Traditional food during the Rosh Hashanah, the Jewish New Year

Although the calendar with which we Westerners move, the Gregorian, has been extended throughout the world for a long time, there are others even older that continue to be valid today for millions of people. They correspond to different cultures usually linked to different religions, as is the case with Judaism. He Rosh Hashanah is the celebration of the Jewish New Year, and has associated a whole series of traditional foods and foods.

Last January we already commented on some of the typical meals with which the new year is received in different countries. Religion, tradition and culture are inevitably linked, and also food, which takes on a symbolic and ritual character. These questions arouse my curiosity historian, much more if they relate to food. Jewish customs are not well known in our country, and that is why I consider it interesting that let's get closer to traditional food of Rosh Hashanah.

Origin and Meaning

Rosh Hashanah, or Rosh Hashanah (ראש השנה in Hebrew), literally means "head" or "first" of the year "and refers to the New Year of Judaism. The first and second day of Tishrei is celebrated, the seventh month of the Hebrew calendar, and this year corresponds to the fifth of September. Actually, the events begin the day before and last until the evening of the next day.

According to Jewish tradition, from the sacred texts collected in the Torah, the Tishrei month is the first of the year because it commemorates when God created the world and also the first man. This year the arrival of the year 5774 is celebrated, beginning the night of September 4 with the sound of shofar, a ram's horn that calls for meditation, for they are days of introspection, recollection and repentance.

Food for a sweet year

As in all religions, the festivities of Judaism are associated with certain foods and dishes whose consumption is not only a custom, but they have symbolic and ritual character. Most of them are harmoniously linked to the natural calendar of the seasons, with products that already announce to us the autumn, although this year the Rosh Hashanah has fallen somewhat soon.

Many of the foods consumed during these days emphasize the symbolism with the wishes that the new year is conducive, that is, sweet foods are enhanced. Apple, honey and pomegranate, products that we associate with the comforting autumn cuisine, are some of the most used ingredients around these holidays. One of the simplest and typical ways is simply to take apple pieces dipped in honey, as a wish for a sweet year.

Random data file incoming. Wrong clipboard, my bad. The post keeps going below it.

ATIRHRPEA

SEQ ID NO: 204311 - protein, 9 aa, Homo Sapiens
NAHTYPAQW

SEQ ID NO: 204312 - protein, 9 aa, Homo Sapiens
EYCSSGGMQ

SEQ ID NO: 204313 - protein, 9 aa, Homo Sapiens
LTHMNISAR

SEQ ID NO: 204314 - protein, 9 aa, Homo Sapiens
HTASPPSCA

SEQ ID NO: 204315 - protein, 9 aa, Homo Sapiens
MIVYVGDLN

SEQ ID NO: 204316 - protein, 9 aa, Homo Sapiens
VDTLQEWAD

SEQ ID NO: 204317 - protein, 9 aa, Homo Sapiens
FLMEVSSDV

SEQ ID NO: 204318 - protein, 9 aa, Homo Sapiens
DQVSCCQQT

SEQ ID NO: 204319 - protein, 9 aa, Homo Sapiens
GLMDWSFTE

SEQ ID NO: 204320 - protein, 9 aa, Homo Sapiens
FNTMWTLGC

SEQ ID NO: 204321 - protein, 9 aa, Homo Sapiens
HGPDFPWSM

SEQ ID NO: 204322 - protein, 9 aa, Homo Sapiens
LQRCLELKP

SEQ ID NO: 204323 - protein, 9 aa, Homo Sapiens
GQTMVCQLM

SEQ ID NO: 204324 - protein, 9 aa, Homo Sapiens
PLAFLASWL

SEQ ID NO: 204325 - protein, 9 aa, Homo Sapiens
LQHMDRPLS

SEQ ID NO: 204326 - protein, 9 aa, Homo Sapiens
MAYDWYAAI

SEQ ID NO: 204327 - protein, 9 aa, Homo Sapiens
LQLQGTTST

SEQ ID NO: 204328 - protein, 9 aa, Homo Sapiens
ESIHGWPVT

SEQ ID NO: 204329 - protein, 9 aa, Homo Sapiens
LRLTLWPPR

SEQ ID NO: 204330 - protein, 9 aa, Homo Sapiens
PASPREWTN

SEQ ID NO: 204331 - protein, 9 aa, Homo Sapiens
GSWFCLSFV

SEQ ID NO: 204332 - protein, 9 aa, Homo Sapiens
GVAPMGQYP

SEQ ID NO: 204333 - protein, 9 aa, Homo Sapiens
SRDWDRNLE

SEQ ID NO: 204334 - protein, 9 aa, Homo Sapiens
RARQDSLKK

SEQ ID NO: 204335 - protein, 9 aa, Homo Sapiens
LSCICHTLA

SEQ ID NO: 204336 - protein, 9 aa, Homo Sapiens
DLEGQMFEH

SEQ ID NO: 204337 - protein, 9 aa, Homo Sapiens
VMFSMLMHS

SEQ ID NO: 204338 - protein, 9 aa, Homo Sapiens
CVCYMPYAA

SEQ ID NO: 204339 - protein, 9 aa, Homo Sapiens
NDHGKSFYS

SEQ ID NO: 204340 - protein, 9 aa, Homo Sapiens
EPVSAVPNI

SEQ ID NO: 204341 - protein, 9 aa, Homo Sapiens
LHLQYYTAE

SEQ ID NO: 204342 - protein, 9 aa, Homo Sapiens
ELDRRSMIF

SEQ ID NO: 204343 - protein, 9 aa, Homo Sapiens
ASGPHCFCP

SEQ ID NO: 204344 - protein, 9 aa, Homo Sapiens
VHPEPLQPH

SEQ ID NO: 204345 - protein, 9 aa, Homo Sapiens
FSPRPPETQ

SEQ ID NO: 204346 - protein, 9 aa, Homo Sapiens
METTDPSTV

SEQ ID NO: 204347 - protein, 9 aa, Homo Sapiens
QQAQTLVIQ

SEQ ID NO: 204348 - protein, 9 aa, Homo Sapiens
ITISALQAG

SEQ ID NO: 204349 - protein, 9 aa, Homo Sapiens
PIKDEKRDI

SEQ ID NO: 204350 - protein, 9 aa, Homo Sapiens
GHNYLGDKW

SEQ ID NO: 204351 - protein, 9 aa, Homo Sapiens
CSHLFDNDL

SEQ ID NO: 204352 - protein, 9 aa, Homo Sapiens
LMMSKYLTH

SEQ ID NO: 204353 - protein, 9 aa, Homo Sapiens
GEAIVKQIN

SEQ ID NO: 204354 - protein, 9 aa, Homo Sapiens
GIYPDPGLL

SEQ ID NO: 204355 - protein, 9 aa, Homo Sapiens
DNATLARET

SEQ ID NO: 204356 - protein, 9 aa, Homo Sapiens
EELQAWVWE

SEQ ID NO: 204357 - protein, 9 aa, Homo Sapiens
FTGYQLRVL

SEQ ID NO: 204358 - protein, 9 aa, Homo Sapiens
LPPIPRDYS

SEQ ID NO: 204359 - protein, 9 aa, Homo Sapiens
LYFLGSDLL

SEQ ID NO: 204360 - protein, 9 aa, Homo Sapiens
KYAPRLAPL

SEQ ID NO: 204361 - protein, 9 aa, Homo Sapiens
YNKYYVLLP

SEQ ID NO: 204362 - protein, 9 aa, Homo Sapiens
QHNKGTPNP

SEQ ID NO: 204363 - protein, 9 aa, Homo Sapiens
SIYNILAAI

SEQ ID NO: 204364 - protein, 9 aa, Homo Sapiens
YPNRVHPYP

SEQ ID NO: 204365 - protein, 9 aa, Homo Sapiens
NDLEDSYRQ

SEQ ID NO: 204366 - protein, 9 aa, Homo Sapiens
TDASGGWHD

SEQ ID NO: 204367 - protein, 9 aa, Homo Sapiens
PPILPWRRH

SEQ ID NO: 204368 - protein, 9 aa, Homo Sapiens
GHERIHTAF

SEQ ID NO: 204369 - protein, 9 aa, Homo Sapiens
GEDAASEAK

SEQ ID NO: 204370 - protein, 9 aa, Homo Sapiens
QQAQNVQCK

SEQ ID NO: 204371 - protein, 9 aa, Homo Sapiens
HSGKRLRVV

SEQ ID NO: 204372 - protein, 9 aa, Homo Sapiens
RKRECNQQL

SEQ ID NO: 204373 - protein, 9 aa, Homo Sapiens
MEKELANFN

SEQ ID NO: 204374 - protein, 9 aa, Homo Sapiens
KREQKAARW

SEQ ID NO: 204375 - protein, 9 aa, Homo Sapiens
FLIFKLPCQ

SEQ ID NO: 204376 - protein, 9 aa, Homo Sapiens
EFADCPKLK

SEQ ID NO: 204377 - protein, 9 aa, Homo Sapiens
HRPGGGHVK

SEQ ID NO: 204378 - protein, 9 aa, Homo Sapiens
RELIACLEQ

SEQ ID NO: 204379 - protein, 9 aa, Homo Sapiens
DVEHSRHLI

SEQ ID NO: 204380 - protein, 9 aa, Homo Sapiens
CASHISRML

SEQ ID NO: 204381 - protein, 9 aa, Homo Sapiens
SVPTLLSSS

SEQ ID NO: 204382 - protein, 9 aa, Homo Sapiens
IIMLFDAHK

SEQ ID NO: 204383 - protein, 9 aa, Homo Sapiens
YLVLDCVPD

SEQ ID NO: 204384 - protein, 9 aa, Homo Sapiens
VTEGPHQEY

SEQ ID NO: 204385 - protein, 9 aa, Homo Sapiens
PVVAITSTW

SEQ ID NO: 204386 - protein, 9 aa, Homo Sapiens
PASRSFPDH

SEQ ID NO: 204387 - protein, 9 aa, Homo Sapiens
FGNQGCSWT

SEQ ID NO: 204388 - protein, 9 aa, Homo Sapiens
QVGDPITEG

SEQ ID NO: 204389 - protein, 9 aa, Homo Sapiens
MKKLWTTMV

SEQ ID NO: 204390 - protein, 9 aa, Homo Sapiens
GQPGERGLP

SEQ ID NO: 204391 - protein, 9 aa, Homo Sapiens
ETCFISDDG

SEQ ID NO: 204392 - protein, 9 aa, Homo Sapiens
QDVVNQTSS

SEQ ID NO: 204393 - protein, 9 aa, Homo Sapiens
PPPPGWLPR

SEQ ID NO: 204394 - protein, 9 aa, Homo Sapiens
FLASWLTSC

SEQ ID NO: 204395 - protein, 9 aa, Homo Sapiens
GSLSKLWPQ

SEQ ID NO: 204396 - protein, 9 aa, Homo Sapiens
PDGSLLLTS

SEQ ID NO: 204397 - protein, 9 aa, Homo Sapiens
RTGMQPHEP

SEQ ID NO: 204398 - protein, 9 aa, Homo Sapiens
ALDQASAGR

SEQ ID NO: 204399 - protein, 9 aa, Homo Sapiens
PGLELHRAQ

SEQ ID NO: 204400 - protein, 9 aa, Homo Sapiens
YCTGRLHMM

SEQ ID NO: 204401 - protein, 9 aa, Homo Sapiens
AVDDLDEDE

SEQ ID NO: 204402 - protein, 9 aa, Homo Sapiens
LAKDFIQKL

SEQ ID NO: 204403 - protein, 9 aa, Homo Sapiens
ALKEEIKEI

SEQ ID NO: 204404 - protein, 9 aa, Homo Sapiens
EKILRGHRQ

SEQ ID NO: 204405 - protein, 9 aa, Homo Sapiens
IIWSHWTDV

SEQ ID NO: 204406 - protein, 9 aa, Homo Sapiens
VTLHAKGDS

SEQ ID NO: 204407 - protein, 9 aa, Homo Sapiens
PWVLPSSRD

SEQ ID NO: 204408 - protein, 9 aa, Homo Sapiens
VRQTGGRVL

Food symbolism

Throughout the centuries and in different parts of the world different customs have developed around the ritual and symbolic meals They share the different Jewish communities. Some dishes have been maintained since time immemorial as they pass their tradition through the generations, while more modern ones are imposed as new ways of celebrating their faith. As a common link you can find key ingredients that have a strong symbolic load.

Many of the meals derive from the plate of the Seder. Is about a plate full of symbolism For the elements that form it are related to the feelings of remembrance and commemoration of the events of the Exodus of the Jewish people during Ancient Egypt. There are six foods consumed following a specific ritual, the seventh element being a set of matzos, a type of flat bread, placed separately on the table. The traditional Jewish braided bread, Challah, is another typical product that is not usually missing.

Among the traditional ingredients we can find vegetables and herbs bitter, pickles, lamb or chicken, cooked egg, or mixtures of nuts. As more specific foods of the New Year, vegetables such as leek, beet, spinach, carrots and squash. Among the fruits, in addition to the aforementioned apples and pomegranate, the date has a great presence, and fish is also important, which often serves the head.

Interestingly, the symbolism of much of these foods derives from language itself. For example, the term designating beet in Hebrew is selek, which resembles lesalek, "disappear." That is why tradition points out reciting some verses after their intake that ask God to make enemies disappear. And the same happens with other meals, many of which they have associated concrete blessings.

As is currently the case with Catholicism and other religions, many of the traditional rites have been adapted over time. In this way, each family maintains its specific traditions, and this is also shown in the food. While some prefer to be more strict with respect to the original customs, in other homes they adapt by creating their own typical dishes. The usual thing is to find in each family an own recipe for an apple pie or a sweet bread with nuts, honey and spices. Even today many of the traditional menus are adapted to diets such as vegetarian.

Religions interest me as a historian because of the fundamental influence it has on the culture of each people, and how it manifests itself in art and gastronomy. Although today their presence in our country is discreet, the Jews are also part of our past and I think it is interesting to at least get a little closer to their customs, such as those that are part of the Rosh Hashanah and its traditional meals.

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